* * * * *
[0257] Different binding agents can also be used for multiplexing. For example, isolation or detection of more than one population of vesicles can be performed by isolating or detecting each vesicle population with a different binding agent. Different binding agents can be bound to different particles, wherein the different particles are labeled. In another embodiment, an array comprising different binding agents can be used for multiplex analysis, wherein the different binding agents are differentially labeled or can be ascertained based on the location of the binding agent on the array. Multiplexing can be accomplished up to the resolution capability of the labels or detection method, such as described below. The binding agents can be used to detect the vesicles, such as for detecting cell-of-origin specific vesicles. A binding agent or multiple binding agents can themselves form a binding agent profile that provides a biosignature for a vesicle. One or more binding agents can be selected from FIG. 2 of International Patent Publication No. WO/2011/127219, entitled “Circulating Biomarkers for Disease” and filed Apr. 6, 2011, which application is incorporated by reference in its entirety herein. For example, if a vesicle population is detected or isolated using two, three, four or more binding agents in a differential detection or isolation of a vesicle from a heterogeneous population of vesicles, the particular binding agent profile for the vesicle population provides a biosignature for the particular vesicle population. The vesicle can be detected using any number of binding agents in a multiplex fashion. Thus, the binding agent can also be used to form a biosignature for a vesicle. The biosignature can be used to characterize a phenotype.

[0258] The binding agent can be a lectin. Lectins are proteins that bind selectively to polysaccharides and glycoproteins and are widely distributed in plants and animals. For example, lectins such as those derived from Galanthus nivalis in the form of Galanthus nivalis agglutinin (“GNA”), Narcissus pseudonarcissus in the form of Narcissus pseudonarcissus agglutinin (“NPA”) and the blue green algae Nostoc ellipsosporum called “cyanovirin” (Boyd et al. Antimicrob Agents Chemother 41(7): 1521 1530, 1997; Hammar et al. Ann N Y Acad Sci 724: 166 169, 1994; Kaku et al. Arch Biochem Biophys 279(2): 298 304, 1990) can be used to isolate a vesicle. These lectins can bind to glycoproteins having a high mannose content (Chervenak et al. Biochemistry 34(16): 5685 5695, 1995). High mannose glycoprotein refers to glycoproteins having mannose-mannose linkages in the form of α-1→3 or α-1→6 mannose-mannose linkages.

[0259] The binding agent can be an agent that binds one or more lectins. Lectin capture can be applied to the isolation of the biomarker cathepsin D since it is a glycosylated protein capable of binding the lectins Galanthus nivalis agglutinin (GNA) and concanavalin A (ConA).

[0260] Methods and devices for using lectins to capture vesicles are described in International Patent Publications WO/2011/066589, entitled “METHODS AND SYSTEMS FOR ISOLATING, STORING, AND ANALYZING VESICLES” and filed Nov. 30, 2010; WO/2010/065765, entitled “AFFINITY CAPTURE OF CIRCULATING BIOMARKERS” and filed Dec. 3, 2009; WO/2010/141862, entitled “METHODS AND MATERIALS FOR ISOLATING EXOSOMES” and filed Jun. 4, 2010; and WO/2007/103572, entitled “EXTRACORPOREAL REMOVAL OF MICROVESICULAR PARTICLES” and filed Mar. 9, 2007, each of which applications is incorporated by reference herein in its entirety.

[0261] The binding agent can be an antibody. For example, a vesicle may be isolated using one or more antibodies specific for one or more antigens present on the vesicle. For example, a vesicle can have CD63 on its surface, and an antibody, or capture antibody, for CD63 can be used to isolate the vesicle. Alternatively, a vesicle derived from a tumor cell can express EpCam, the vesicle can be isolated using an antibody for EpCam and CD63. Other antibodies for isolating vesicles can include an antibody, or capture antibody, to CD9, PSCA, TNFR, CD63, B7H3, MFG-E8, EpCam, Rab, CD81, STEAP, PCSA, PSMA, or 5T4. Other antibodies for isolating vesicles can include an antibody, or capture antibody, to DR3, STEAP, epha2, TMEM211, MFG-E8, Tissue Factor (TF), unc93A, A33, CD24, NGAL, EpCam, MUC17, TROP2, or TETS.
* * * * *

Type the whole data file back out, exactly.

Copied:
[0257] Different binding agents can also be used for multiplexing. For example, isolation or detection of more than one population of vesicles can be performed by isolating or detecting each vesicle population with a different binding agent. Different binding agents can be bound to different particles, wherein the different particles are labeled. In another embodiment, an array comprising different binding agents can be used for multiplex analysis, wherein the different binding agents are differentially labeled or can be ascertained based on the location of the binding agent on the array. Multiplexing can be accomplished up to the resolution capability of the labels or detection method, such as described below. The binding agents can be used to detect the vesicles, such as for detecting cell-of-origin specific vesicles. A binding agent or multiple binding agents can themselves form a binding agent profile that provides a biosignature for a vesicle. One or more binding agents can be selected from FIG. 2 of International Patent Publication No. WO/2011/127219, entitled “Circulating Biomarkers for Disease” and filed Apr. 6, 2011, which application is incorporated by reference in its entirety herein. For example, if a vesicle population is detected or isolated using two, three, four or more binding agents in a differential detection or isolation of a vesicle from a heterogeneous population of vesicles, the particular binding agent profile for the vesicle population provides a biosignature for the particular vesicle population. The vesicle can be detected using any number of binding agents in a multiplex fashion. Thus, the binding agent can also be used to form a biosignature for a vesicle. The biosignature can be used to characterize a phenotype.

[0258] The binding agent can be a lectin. Lectins are proteins that bind selectively to polysaccharides and glycoproteins and are widely distributed in plants and animals. For example, lectins such as those derived from Galanthus nivalis in the form of Galanthus nivalis agglutinin (“GNA”), Narcissus pseudonarcissus in the form of Narcissus pseudonarcissus agglutinin (“NPA”) and the blue green algae Nostoc ellipsosporum called “cyanovirin” (Boyd et al. Antimicrob Agents Chemother 41(7): 1521 1530, 1997; Hammar et al. Ann N Y Acad Sci 724: 166 169, 1994; Kaku et al. Arch Biochem Biophys 279(2): 298 304, 1990) can be used to isolate a vesicle. These lectins can bind to glycoproteins having a high mannose content (Chervenak et al. Biochemistry 34(16): 5685 5695, 1995). High mannose glycoprotein refers to glycoproteins having mannose-mannose linkages in the form of α-1→3 or α-1→6 mannose-mannose linkages.

[0259] The binding agent can be an agent that binds one or more lectins. Lectin capture can be applied to the isolation of the biomarker cathepsin D since it is a glycosylated protein capable of binding the lectins Galanthus nivalis agglutinin (GNA) and concanavalin A (ConA).

[0260] Methods and devices for using lectins to capture vesicles are described in International Patent Publications WO/2011/066589, entitled “METHODS AND SYSTEMS FOR ISOLATING, STORING, AND ANALYZING VESICLES” and filed Nov. 30, 2010; WO/2010/065765, entitled “AFFINITY CAPTURE OF CIRCULATING BIOMARKERS” and filed Dec. 3, 2009; WO/2010/141862, entitled “METHODS AND MATERIALS FOR ISOLATING EXOSOMES” and filed Jun. 4, 2010; and WO/2007/103572, entitled “EXTRACORPOREAL REMOVAL OF MICROVESICULAR PARTICLES” and filed Mar. 9, 2007, each of which applications is incorporated by reference herein in its entirety.

[0261] The binding agent can be an antibody. For example, a vesicle may be isolated using one or more antibodies specific for one or more antigens present on the vesicle. For example, a vesicle can have CD63 on its surface, and an antibody, or capture antibody, for CD63 can be used to isolate the vesicle. Alternatively, a vesicle derived from a tumor cell can express EpCam, the vesicle can be isolated using an antibody for EpCam and CD63. Other antibodies for isolating vesicles can include an antibody, or capture antibody, to CD9, PSCA, TNFR, CD63, B7H3, MFG-E8, EpCam, Rab, CD81, STEAP, PCSA, PSMA, or 5T4. Other antibodies for isolating vesicles can include an antibody, or capture antibody, to DR3, STEAP, epha2, TMEM211, MFG-E8, Tissue Factor (TF), unc93A, A33, CD24, NGAL, EpCam, MUC17, TROP2, or TETS.